Updated: Mar 15, 2021
It's Christmas time again and this means that televisions are filled with adverts for perfume and turkey. Not turkey the country, turkey the bird, and these birds aren't alive, they are roasted and covered with gravy.
Turkeys are large, intelligent birds, around 122cm tall and originally came from the Americas. The wild turkey came from the north and the ocellated turkey came form the south, around Mexico. Turkeys are well known for having a wattle, a kind of skin pouch that hangs from the top of their beaks, but it's only the males that have these. The first turkeys evolved more than 20 million years ago. Turkeys got their name, in English, from the Turkish merchants that first captured them and took them to the Middle East to farm and trade them with European countries. Turkeys are foragers, they will scratch around the ground and in leaf litter, chasing bugs and milling for seeds. Turkeys are also talkers, they have 28 distinct calls that they use to communicate and male turkeys will make the gobble gobble sound to attract the ladies. Turkeys are also very proud birds and will start preening at just 3 days old so that they can look their best.
Turkey was first eaten for Christmas in England in the 16th century, with only the rich being able to afford the bird. Lack of easy transportation and refrigeration meant that it was hard to take slaughtered turkeys across the country. Traditionally at this time boar, goose, swan and peacock were eaten for important meals and celebrations, this was until it was decided that the rich, particularly the monarchy, were becoming too fat. They were limited to serving one bird for a meal and so turkeys were used due to their size. Through the 17th century it became more popular to eat turkey for celebrations until it became a tradition that most people followed, this lead to turkey birds being thought of as food and nothing else.
A Turkey Free Christmas
18 million turkeys are killed for meat each year, with 9 million being killed just for Christmas. This is a staggering number of birds that are killed for just one meal. The life of a farmed turkey is a miserable one. Once the eggs are laid they are taken from their mothers and placed in incubators and, once hatched, the turkeys will never see their mothers, they keep warm by huddling together under heat lamps. Once large enough they are placed in large sheds and left to grow much in the same way as chickens. Being bred to grow as large as possible and as quickly as possible, the turkeys legs often break under their own weight. The birds are killed at 5-6 months old, in the wild they would live up to ten years. The way that turkeys are treated is horrendous; they are thrown into crates and cages, loaded onto trucks before being killed in ways that do not spare the birds pain. Yet when you ask people why they eat turkey at Christmas, why the birds have to go through this, their answer is "tradition"; it's what we've always done, it's what everyone does, a lot of them go on to say that they don't even like turkey meat, they just eat it.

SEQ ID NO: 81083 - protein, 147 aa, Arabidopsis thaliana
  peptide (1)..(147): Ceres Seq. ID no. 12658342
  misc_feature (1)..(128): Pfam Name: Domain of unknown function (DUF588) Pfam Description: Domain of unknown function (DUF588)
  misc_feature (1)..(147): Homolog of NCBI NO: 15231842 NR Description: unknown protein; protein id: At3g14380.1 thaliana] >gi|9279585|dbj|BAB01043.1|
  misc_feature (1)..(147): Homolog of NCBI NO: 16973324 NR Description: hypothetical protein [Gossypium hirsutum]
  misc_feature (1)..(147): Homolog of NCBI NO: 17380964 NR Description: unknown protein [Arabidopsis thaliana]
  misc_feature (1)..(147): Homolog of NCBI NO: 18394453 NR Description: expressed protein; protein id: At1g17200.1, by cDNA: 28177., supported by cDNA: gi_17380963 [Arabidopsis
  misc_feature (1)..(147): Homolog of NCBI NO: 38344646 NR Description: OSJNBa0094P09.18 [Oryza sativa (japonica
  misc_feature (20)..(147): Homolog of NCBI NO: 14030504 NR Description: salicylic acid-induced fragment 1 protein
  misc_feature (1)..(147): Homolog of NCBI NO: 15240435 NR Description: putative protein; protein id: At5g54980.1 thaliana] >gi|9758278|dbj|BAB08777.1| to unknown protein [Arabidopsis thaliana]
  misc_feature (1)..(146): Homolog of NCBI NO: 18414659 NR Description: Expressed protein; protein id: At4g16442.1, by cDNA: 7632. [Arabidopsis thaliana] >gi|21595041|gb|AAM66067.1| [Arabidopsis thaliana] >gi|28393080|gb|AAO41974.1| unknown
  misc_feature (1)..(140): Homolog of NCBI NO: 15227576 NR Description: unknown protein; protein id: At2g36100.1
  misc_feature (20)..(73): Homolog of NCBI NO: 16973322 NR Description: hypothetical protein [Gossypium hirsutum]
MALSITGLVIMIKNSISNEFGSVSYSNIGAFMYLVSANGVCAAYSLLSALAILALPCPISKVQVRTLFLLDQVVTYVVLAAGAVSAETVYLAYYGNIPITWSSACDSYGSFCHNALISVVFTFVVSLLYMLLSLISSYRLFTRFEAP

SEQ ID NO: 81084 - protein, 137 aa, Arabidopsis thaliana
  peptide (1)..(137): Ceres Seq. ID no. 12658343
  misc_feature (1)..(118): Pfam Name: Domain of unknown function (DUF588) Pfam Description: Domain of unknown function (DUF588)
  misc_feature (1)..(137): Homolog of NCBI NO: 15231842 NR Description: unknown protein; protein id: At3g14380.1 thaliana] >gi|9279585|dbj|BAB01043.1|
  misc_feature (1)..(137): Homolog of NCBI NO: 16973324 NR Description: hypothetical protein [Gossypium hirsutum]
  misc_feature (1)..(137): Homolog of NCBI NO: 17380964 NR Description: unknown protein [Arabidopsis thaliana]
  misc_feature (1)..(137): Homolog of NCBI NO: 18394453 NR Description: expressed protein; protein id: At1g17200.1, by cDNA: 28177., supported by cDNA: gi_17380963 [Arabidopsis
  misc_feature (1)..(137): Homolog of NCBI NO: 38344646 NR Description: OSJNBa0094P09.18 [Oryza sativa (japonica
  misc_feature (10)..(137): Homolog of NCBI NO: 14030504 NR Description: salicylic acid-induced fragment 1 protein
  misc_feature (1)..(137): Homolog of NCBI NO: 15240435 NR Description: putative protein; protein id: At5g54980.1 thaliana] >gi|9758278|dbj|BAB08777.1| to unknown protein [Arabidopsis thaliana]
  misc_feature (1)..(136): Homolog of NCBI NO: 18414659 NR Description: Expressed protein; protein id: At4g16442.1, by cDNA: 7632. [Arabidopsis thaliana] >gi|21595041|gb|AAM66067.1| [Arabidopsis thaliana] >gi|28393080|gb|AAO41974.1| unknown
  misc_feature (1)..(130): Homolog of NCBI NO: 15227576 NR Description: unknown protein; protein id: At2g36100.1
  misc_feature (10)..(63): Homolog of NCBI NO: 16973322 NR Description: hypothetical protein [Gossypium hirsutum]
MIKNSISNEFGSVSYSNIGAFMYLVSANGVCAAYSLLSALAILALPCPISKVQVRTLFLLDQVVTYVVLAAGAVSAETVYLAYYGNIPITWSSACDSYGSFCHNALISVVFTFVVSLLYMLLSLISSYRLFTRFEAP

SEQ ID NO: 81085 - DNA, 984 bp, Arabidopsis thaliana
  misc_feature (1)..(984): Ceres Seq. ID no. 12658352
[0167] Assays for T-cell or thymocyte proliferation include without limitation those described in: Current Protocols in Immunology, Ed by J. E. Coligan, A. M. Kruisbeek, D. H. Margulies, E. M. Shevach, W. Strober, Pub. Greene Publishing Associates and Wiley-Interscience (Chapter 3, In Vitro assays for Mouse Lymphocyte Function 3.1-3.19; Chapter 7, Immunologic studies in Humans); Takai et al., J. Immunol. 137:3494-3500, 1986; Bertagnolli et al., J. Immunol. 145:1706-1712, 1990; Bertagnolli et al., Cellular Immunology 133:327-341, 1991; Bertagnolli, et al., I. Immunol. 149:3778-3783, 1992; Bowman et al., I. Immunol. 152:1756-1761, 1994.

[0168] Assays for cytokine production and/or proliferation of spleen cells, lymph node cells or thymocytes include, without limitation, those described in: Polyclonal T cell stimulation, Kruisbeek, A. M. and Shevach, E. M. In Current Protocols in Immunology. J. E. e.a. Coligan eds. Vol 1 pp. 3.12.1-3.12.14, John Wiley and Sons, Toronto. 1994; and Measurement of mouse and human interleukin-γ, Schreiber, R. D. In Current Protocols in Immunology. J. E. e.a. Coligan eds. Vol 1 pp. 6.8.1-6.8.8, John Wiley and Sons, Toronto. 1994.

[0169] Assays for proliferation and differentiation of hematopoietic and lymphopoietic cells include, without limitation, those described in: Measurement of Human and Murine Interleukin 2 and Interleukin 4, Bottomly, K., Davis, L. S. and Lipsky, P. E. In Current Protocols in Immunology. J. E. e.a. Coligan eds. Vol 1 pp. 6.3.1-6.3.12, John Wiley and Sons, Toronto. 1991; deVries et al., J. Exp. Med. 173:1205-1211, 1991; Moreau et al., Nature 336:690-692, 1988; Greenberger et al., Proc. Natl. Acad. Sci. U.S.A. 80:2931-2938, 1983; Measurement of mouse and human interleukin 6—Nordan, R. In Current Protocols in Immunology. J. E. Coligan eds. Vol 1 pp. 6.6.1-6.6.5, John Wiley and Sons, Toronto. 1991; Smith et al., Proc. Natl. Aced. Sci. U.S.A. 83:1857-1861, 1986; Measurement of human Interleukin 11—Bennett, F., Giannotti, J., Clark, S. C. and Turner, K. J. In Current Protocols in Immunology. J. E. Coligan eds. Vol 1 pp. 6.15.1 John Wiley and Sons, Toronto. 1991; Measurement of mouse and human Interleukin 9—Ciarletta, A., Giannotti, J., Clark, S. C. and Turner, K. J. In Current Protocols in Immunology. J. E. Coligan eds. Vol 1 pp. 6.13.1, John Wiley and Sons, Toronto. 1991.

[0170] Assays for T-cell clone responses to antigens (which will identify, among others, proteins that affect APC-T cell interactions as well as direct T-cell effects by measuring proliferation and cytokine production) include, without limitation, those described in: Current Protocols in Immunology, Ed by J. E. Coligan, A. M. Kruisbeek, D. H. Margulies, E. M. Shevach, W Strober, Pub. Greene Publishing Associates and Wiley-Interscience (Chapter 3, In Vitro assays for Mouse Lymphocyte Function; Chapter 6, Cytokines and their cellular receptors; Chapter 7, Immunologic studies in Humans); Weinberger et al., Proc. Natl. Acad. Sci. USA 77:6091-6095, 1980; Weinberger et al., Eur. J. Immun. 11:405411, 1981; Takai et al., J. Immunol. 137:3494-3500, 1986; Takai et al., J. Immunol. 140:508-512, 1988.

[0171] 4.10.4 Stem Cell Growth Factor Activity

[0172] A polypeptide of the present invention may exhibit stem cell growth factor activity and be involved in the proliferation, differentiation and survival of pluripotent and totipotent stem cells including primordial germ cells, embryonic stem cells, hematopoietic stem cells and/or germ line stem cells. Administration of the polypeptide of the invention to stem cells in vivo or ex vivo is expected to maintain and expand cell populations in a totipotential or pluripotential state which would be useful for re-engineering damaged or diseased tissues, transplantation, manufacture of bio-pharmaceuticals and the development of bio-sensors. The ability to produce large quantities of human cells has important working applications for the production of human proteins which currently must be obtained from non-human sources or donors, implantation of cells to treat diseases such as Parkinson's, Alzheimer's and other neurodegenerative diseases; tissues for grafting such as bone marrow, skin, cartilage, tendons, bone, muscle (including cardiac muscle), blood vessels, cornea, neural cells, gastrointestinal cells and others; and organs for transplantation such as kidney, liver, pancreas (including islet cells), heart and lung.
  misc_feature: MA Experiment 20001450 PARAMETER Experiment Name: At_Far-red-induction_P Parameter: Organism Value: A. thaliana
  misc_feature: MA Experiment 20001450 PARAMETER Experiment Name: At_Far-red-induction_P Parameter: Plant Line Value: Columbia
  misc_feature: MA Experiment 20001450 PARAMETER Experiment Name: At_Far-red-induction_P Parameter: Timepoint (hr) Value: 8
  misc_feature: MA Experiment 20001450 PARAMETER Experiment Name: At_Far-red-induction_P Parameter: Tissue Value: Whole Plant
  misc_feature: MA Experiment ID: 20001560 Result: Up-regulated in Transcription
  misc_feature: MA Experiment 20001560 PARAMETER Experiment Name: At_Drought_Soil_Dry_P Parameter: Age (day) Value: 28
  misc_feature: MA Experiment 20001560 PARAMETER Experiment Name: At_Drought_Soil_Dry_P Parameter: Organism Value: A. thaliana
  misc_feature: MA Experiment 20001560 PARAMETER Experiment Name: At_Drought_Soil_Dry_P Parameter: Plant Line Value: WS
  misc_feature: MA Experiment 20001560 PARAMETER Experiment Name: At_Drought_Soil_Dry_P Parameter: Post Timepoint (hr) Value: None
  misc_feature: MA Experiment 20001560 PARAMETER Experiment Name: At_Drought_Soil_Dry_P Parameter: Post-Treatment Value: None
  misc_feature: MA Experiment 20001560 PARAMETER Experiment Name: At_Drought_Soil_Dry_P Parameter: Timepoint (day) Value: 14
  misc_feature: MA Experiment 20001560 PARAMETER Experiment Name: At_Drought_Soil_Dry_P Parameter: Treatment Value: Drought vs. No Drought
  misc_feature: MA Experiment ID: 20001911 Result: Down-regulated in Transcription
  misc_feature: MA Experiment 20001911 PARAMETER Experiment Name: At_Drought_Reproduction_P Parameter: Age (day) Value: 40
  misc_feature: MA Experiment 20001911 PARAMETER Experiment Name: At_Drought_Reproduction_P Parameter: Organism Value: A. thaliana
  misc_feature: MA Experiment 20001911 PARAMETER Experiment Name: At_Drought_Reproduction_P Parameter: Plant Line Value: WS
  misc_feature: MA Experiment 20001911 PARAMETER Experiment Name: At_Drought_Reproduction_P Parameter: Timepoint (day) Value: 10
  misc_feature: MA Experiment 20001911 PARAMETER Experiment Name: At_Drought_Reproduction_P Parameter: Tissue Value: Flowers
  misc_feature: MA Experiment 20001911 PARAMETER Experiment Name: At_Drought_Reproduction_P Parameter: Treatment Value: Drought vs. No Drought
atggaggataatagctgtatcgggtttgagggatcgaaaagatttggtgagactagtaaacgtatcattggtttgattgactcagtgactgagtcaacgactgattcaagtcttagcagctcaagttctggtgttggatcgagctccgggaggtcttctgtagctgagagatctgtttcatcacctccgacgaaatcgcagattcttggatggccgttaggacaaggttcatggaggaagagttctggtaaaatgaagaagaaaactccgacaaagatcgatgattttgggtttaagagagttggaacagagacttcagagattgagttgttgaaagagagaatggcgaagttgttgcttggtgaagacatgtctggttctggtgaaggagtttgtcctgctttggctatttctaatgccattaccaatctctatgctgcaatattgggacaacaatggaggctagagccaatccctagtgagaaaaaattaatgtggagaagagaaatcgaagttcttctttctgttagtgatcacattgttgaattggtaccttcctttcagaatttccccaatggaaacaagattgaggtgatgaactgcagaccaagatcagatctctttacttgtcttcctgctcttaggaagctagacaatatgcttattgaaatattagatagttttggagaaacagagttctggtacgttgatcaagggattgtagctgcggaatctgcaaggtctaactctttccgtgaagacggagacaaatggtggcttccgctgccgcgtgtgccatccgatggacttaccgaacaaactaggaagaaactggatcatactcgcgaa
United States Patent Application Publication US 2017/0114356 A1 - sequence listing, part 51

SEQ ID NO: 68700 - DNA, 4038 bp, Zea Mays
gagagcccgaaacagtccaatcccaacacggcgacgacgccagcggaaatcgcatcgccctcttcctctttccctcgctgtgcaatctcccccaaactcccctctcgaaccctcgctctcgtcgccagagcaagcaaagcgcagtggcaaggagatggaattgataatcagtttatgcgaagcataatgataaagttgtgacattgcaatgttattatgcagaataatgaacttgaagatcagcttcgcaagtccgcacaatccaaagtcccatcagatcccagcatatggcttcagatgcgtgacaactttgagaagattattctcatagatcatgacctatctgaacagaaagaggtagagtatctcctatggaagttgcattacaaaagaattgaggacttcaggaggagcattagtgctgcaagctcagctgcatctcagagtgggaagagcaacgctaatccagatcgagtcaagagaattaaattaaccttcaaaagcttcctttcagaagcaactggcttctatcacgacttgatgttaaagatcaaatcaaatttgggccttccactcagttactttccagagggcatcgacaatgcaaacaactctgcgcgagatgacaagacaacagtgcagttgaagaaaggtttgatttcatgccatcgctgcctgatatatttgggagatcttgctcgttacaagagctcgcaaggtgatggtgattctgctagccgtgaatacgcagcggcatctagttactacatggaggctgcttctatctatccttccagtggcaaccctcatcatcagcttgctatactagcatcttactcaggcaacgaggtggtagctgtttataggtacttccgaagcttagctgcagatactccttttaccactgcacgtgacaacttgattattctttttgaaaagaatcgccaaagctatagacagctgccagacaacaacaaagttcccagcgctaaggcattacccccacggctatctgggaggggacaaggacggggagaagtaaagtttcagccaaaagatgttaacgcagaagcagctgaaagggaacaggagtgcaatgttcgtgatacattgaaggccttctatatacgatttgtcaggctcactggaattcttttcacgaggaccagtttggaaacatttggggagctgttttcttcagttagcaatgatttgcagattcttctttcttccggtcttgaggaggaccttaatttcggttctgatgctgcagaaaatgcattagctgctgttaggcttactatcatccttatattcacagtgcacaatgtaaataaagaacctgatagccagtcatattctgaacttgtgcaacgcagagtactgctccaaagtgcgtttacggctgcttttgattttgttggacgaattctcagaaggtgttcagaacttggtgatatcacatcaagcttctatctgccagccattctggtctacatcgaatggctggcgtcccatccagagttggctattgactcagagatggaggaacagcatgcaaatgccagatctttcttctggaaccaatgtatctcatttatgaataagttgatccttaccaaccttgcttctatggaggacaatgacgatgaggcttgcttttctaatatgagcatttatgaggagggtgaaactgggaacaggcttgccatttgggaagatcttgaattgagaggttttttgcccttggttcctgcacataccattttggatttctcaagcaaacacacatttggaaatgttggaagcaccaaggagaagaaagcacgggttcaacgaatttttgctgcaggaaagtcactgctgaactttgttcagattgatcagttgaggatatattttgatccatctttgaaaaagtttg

In the last 10 years veganism has increased by 350%, but it is only recently that food retailers, supermarkets and restaurants have realised how many people want to eat this way. One supermarket had an increase of 275% in vegan searches on their website in 12 months and this year there has been a massive increase in the number of vegan Christmas foods available. Nut roasts, meat free wellingtons, roasts made with soy meat substitutes and turkey replacements. There is so much to choose from that there really is something for everyone, turkeys don't have to go through this for the sake of one dinner.